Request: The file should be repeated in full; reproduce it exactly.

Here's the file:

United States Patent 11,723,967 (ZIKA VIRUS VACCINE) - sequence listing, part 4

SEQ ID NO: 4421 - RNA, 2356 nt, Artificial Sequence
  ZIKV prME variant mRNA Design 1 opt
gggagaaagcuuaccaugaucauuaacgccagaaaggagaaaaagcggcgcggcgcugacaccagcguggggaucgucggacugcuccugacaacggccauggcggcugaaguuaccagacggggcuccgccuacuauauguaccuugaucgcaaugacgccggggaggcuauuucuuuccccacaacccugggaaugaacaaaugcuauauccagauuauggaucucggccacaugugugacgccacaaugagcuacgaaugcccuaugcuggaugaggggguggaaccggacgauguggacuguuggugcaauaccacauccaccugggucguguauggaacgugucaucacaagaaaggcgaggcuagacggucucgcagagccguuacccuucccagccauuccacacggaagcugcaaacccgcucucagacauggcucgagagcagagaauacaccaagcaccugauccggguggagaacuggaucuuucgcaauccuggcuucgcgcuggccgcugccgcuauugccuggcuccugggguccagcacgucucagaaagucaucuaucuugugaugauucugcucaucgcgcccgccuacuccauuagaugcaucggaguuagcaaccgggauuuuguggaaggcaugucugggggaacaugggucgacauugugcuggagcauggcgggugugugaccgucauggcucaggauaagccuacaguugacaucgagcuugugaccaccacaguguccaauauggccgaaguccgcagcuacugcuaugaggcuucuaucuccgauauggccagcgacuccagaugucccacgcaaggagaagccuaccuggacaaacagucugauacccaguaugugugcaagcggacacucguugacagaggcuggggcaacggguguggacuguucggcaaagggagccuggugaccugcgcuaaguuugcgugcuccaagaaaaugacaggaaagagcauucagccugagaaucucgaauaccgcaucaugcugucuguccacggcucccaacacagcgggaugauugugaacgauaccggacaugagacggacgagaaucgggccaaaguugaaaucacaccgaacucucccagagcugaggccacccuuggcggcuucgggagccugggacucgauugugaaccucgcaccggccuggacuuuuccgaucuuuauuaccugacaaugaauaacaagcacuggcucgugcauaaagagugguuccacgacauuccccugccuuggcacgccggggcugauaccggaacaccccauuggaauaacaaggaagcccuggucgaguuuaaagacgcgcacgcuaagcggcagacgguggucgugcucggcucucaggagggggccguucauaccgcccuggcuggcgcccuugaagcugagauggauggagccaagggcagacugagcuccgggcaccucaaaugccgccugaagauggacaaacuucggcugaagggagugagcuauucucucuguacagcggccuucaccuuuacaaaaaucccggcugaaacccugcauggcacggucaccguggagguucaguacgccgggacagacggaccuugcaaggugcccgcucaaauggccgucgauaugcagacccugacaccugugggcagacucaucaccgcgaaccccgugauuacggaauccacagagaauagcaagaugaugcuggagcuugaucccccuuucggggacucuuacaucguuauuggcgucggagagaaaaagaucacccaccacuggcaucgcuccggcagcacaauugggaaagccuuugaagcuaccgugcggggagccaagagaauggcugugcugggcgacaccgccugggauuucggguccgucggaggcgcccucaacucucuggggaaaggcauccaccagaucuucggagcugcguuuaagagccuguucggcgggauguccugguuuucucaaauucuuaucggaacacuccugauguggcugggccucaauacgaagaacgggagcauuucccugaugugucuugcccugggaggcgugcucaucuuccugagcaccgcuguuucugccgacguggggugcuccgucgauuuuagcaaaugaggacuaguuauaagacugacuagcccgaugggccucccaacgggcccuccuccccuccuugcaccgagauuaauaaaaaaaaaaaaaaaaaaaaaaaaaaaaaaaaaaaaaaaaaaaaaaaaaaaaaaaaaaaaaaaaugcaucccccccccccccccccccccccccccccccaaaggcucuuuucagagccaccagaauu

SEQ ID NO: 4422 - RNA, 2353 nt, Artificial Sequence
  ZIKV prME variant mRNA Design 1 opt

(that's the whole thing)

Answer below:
United States Patent 11,723,967 (ZIKA VIRUS VACCINE) - sequence listing, part 4

SEQ ID NO: 4421 - RNA, 2356 nt, Artificial Sequence
  ZIKV prME variant mRNA Design 1 opt
gggagaaagcuuaccaugaucauuaacgccagaaaggagaaaaagcggcgcggcgcugacaccagcguggggaucgucggacugcuccugacaacggccauggcggcugaaguuaccagacggggcuccgccuacuauauguaccuugaucgcaaugacgccggggaggcuauuucuuuccccacaacccugggaaugaacaaaugcuauauccagauuauggaucucggccacaugugugacgccacaaugagcuacgaaugcccuaugcuggaugaggggguggaaccggacgauguggacuguuggugcaauaccacauccaccugggucguguauggaacgugucaucacaagaaaggcgaggcuagacggucucgcagagccguuacccuucccagccauuccacacggaagcugcaaacccgcucucagacauggcucgagagcagagaauacaccaagcaccugauccggguggagaacuggaucuuucgcaauccuggcuucgcgcuggccgcugccgcuauugccuggcuccugggguccagcacgucucagaaagucaucuaucuugugaugauucugcucaucgcgcccgccuacuccauuagaugcaucggaguuagcaaccgggauuuuguggaaggcaugucugggggaacaugggucgacauugugcuggagcauggcgggugugugaccgucauggcucaggauaagccuacaguugacaucgagcuugugaccaccacaguguccaauauggccgaaguccgcagcuacugcuaugaggcuucuaucuccgauauggccagcgacuccagaugucccacgcaaggagaagccuaccuggacaaacagucugauacccaguaugugugcaagcggacacucguugacagaggcuggggcaacggguguggacuguucggcaaagggagccuggugaccugcgcuaaguuugcgugcuccaagaaaaugacaggaaagagcauucagccugagaaucucgaauaccgcaucaugcugucuguccacggcucccaacacagcgggaugauugugaacgauaccggacaugagacggacgagaaucgggccaaaguugaaaucacaccgaacucucccagagcugaggccacccuuggcggcuucgggagccugggacucgauugugaaccucgcaccggccuggacuuuuccgaucuuuauuaccugacaaugaauaacaagcacuggcucgugcauaaagagugguuccacgacauuccccugccuuggcacgccggggcugauaccggaacaccccauuggaauaacaaggaagcccuggucgaguuuaaagacgcgcacgcuaagcggcagacgguggucgugcucggcucucaggagggggccguucauaccgcccuggcuggcgcccuugaagcugagauggauggagccaagggcagacugagcuccgggcaccucaaaugccgccugaagauggacaaacuucggcugaagggagugagcuauucucucuguacagcggccuucaccuuuacaaaaaucccggcugaaacccugcauggcacggucaccguggagguucaguacgccgggacagacggaccuugcaaggugcccgcucaaauggccgucgauaugcagacccugacaccugugggcagacucaucaccgcgaaccccgugauuacggaauccacagagaauagcaagaugaugcuggagcuugaucccccuuucggggacucuuacaucguuauuggcgucggagagaaaaagaucacccaccacuggcaucgcuccggcagcacaauugggaaagccuuugaagcuaccgugcggggagccaagagaauggcugugcugggcgacaccgccugggauuucggguccgucggaggcgcccucaacucucuggggaaaggcauccaccagaucuucggagcugcguuuaagagccuguucggcgggauguccugguuuucucaaauucuuaucggaacacuccugauguggcugggccucaauacgaagaacgggagcauuucccugaugugucuugcccugggaggcgugcucaucuuccugagcaccgcuguuucugccgacguggggugcuccgucgauuuuagcaaaugaggacuaguuauaagacugacuagcccgaugggccucccaacgggcccuccuccccuccuugcaccgagauuaauaaaaaaaaaaaaaaaaaaaaaaaaaaaaaaaaaaaaaaaaaaaaaaaaaaaaaaaaaaaaaaaaugcaucccccccccccccccccccccccccccccccaaaggcucuuuucagagccaccagaauu

SEQ ID NO: 4422 - RNA, 2353 nt, Artificial Sequence
  ZIKV prME variant mRNA Design 1 opt